WOD – 140311

WOD – 140311

General Warm-up

30 Burpees


5 X 1 Power Snatch + 2 Overhead Squat
NOTE: Increase weight each set


10-9-8-7-6-5-4-3-2-1 for time of:
Wall Ball (20/14)
KB Swing (55/35)

Legumes Aren’t Paleo; Here’s Why It Does and Doesn’t Matter

From ROOTSIntegrativeHealth.com 

I am a big supporter of the Paleo diet as a framework. It has literally helped millions of people create a healthy, sustainable lifestyle. In case you weren’t aware, or have been living in a cave for the last 10 years (my attempt at irony), legumes aren’t a part of the Paleo diet.

However, legumes such as beans, chickpeas (garbanzo beans), lentils, peas, peanuts, and cashews, have nourished mankind for centuries. A combination of legumes, whole grains, a small amount of animal protein and good quality animal fat is the ideal frugal diet (no, I didn’t say McDonald’s). That being said, why aren’t legumes Paleo?


Soy is definitely out of the question.

Why are Legumes Not Paleo?

There are a few reasons Paleo doesn’t include legumes, and none of them are “because our ancestors didn’t eat beans,” but rather due to an elimination-diet mentality.

1. Autoimmune problems

Some legumes also contain considerable amounts of phytates — anti-nutrients which bind to minerals in the legumes, rendering them unavailable to our bodies. When our immune systems detect phytates, it considers them pathogens and will generate an autoimmune response (a form of inflammation) to remove the pathogen from the body.

2. Protease Inhibitors and Anti-Nutrients

Legumes contain substances called protease inhibitors as well as anti-nutrients, which can prevent you from getting enough nutrition from your foods. According to Loren Cordain, creator of the Paleo diet, these anti-nutrients, or phytates, prevent the proper absorption of B vitamins, iron, zinc, copper and calcium in the intestines.

3. Phytoestrogens (Soy)

It is becoming more and more common knowledge now that soy is not the best choice when it comes to food. Besides the fact that 93% of the soy harvested in the US are from genetically modified crops, soy also contains phytoestrogens. In your body, phytoestrogens from soy can either stimulate or interfere with the role of estrogens and are associated with a more painful and longer menstrual cycle in females, an increase in the risk of breast cancer, and lower sperm count in males.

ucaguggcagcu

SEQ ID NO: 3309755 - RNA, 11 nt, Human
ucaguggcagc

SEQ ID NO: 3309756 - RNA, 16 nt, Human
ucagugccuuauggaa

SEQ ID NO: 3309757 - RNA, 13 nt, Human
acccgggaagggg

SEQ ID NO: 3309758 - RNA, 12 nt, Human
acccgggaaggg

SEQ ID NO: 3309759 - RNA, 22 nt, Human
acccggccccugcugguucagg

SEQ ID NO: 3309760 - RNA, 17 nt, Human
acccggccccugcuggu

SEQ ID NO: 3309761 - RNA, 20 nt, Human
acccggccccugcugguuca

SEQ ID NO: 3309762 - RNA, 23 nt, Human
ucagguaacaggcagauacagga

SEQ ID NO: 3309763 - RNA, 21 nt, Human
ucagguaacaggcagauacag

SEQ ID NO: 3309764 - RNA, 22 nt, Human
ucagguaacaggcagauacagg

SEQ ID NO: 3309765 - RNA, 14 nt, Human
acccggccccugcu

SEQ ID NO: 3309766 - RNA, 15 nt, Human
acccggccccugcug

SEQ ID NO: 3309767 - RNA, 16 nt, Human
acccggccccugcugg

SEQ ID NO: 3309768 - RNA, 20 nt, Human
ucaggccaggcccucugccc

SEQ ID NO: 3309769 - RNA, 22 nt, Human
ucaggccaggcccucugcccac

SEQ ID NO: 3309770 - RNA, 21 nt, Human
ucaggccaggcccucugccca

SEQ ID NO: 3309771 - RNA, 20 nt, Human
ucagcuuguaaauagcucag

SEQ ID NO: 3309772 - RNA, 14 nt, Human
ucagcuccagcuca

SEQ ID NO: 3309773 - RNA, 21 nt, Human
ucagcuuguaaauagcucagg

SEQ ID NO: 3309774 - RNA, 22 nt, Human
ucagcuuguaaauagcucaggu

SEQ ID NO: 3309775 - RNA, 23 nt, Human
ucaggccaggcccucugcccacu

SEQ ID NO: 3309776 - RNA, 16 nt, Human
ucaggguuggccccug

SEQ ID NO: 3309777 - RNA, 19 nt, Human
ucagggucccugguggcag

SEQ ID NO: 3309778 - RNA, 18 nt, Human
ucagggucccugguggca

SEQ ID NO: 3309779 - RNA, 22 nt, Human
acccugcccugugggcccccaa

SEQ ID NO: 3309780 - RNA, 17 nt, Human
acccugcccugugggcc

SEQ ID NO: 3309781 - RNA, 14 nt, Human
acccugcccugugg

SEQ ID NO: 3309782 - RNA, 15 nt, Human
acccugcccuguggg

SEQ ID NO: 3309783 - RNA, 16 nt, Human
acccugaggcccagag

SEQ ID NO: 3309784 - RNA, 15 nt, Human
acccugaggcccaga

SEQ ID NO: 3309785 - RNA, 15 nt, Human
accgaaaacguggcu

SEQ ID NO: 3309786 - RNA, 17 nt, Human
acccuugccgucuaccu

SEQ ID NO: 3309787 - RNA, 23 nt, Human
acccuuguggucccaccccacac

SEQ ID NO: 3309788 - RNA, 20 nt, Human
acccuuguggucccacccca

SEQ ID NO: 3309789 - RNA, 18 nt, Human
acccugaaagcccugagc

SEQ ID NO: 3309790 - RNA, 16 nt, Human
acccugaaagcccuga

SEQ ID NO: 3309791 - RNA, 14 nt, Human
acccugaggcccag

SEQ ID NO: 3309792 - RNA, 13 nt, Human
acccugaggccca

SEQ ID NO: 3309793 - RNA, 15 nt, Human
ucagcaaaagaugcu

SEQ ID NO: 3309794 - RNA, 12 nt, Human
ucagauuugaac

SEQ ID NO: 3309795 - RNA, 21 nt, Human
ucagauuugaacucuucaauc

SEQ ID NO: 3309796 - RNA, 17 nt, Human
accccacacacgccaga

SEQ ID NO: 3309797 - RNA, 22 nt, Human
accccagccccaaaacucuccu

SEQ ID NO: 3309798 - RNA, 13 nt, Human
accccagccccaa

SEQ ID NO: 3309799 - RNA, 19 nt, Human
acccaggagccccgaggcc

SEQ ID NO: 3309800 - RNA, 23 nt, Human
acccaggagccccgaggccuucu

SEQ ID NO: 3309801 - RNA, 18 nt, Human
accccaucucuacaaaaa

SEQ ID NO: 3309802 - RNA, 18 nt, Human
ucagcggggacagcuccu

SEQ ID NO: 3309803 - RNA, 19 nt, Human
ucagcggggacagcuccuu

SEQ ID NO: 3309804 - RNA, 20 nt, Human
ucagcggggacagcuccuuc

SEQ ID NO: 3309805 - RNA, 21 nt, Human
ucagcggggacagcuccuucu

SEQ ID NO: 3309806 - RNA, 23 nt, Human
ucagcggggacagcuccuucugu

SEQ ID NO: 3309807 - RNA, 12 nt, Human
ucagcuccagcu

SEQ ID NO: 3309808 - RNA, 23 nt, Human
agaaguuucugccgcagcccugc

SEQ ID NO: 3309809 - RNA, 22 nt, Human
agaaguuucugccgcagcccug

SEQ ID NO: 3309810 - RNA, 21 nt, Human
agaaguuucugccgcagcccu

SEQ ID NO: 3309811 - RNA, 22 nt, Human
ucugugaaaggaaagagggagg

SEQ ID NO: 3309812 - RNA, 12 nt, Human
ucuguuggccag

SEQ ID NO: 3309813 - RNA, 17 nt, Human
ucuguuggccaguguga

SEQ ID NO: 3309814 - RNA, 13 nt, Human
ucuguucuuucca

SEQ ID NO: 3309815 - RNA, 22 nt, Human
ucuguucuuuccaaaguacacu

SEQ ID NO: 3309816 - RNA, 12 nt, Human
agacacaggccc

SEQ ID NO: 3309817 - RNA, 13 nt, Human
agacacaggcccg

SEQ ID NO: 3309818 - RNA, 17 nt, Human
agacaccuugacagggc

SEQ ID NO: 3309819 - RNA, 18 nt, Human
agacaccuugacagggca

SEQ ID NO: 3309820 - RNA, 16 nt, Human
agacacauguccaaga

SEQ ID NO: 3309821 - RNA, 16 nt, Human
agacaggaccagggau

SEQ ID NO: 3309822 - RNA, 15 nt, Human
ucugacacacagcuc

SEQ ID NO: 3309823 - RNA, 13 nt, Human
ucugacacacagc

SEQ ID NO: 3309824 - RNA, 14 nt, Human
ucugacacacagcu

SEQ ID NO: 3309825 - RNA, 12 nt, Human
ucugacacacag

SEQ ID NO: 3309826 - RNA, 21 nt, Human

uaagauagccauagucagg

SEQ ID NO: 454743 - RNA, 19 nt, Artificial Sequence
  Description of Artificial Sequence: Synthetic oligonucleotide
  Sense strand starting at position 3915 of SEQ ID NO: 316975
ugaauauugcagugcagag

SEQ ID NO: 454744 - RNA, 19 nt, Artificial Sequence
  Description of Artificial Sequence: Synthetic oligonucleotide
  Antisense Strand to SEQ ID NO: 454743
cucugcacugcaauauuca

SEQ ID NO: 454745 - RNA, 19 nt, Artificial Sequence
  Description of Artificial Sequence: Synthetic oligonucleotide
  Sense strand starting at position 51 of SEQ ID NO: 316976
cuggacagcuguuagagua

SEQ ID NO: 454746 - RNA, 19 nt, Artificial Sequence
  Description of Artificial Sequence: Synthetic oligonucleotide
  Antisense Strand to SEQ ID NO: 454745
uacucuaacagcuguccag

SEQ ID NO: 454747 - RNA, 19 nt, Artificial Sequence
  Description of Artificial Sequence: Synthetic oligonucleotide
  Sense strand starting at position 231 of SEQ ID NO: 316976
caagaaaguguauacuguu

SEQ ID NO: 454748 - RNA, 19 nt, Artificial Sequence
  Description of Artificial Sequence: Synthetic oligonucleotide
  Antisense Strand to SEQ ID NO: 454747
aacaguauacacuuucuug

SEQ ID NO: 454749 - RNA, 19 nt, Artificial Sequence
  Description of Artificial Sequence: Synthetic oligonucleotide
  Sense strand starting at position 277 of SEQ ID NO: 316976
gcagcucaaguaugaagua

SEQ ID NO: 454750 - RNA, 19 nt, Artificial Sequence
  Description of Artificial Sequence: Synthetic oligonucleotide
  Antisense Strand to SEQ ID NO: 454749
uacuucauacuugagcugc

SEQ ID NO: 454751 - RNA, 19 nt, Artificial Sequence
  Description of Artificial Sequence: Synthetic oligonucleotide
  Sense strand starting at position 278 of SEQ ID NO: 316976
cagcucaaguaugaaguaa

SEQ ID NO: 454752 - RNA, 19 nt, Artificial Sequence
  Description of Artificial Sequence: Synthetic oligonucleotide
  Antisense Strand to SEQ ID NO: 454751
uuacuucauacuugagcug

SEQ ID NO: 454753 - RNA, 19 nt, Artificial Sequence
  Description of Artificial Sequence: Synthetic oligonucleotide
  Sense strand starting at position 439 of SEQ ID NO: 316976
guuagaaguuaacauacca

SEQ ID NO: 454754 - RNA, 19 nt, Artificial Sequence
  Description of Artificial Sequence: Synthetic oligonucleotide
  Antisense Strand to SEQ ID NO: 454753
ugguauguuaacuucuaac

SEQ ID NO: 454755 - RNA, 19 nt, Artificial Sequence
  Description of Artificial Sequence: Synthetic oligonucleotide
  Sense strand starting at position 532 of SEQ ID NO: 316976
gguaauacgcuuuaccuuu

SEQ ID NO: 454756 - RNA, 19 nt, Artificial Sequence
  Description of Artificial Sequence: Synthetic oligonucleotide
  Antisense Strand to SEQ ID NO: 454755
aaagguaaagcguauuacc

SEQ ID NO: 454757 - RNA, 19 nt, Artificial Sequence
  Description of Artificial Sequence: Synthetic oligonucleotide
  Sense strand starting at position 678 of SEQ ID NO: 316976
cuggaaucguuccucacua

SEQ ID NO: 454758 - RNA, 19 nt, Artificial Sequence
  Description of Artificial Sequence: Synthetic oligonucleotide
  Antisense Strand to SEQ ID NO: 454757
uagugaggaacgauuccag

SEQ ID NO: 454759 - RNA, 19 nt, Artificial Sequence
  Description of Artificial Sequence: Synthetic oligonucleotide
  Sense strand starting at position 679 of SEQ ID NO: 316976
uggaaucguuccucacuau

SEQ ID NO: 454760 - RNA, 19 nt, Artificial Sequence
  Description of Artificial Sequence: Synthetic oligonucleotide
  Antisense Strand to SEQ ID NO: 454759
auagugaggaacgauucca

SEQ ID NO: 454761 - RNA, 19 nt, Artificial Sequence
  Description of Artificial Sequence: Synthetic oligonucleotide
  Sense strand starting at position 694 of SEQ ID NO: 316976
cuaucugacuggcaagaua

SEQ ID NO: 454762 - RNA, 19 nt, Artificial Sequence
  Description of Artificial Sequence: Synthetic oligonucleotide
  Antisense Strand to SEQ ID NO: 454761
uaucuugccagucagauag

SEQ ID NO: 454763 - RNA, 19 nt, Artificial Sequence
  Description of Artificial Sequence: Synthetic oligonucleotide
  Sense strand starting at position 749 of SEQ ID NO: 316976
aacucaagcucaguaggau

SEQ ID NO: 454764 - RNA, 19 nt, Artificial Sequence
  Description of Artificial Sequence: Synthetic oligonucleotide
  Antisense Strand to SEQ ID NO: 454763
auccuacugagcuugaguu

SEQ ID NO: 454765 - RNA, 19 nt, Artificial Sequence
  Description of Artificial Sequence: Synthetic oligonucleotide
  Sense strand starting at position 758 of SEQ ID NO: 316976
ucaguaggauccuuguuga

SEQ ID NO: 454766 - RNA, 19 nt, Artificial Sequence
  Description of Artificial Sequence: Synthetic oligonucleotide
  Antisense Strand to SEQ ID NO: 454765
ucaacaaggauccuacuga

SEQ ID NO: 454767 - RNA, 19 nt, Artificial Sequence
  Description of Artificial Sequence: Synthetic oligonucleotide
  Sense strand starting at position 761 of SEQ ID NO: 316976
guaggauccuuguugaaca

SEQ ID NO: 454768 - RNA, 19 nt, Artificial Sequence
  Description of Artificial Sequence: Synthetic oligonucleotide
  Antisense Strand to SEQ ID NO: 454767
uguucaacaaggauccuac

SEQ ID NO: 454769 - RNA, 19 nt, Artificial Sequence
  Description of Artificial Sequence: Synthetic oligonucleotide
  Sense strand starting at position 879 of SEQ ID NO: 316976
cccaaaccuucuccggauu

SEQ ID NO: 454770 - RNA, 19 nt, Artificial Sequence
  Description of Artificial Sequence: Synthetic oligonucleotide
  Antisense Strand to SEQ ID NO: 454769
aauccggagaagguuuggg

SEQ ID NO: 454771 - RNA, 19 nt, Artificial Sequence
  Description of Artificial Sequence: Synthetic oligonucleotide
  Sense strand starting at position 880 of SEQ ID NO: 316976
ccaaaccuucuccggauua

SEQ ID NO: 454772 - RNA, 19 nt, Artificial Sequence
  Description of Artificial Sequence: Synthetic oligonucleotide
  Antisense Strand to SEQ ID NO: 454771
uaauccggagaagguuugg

Not all Legumes are Created Equal

First, let me start by pointing out that most grains and legumes available in supermarkets have been treated several times with pesticides and other sprays that inhibit mold and vermin. Therefore, it is absolutely worth buying those that are organically or biodynamically grown. Also, be wary of buying canned legumes. Most cans are lined with Bisphenol-A (BPA), which has been correlated to cancer, behavioral issues, and prostate gland in fetuses, infants, and young children (PDF).

With that being said, not all legumes are created equal, but proper preparations should be taken. Traditional societies whose cuisines are based on legumes prepare them with great care.

  1. Soak dry legumes for 24 hours, then rinse before cooking.
  2. Buy sprouted (or sprout your own)
  3. As the legumes cook, all foam that rises to the top of the cooking water is carefully skimmed off.

This ensures that the legumes are thoroughly digestible and all the nutrients they provide are more bioavailable.


The least problematic legume I have found is sprouted lentils. Sprouting neutralizes the phytic acid which means more vitamins and minerals can be absorbed by your body as they’re digested. Also, when you sprout lentils you’re actually beginning the germination process, which changes the composition of the lentils. Sprouting increases the amounts of vitamins and minerals in the lentils, especially vitamin C, B vitamins, and carotene. Sprouting also helps break down some of the sugars that create intestinal gas. Here’s a quick how-to on how to sprout lentils on your own.

Garbanzo Beans

Otherwise known as chickpeas, used in hummus, soups, and other ethnic dishes.  Garbanzo beans are extremely versatile, and even can be made into a flour for making breads and tortillas. Even though legumes are known for their fiber, most people do not know how helpful the fiber in garbanzo beans can actually be for supporting digestive tract function. First is the issue of amount. Garbanzos contain about 12.5 grams of fiber per cup. That’s 50% of the Daily Value (DV). This can be a useful aid when weight loss or reducing cardiovascular disease risk is your goal.


Whole peas need to be soaked in cold water for at least eight hours before cooking, while split peas do not need this extra preparation. Dried peas feature isoflavones (notably daidzein). Isoflavones are phytonutrients that can act like weak estrogens in the body and whose dietary consumption has been linked to a reduced risk of certain health conditions, including breast and prostate cancer.


At the end of the day, there are drawbacks and there are benefits to making legumes a part of your regular diet. I personally include those listed above in my diet at least once per week. For those of you trying to eat healthy on a budget, legumes are for you. If you can afford to always eat animal protein and avocados, then by all means have at it. Just make sure, if you do decide to include legumes in your diet, to properly prepare them.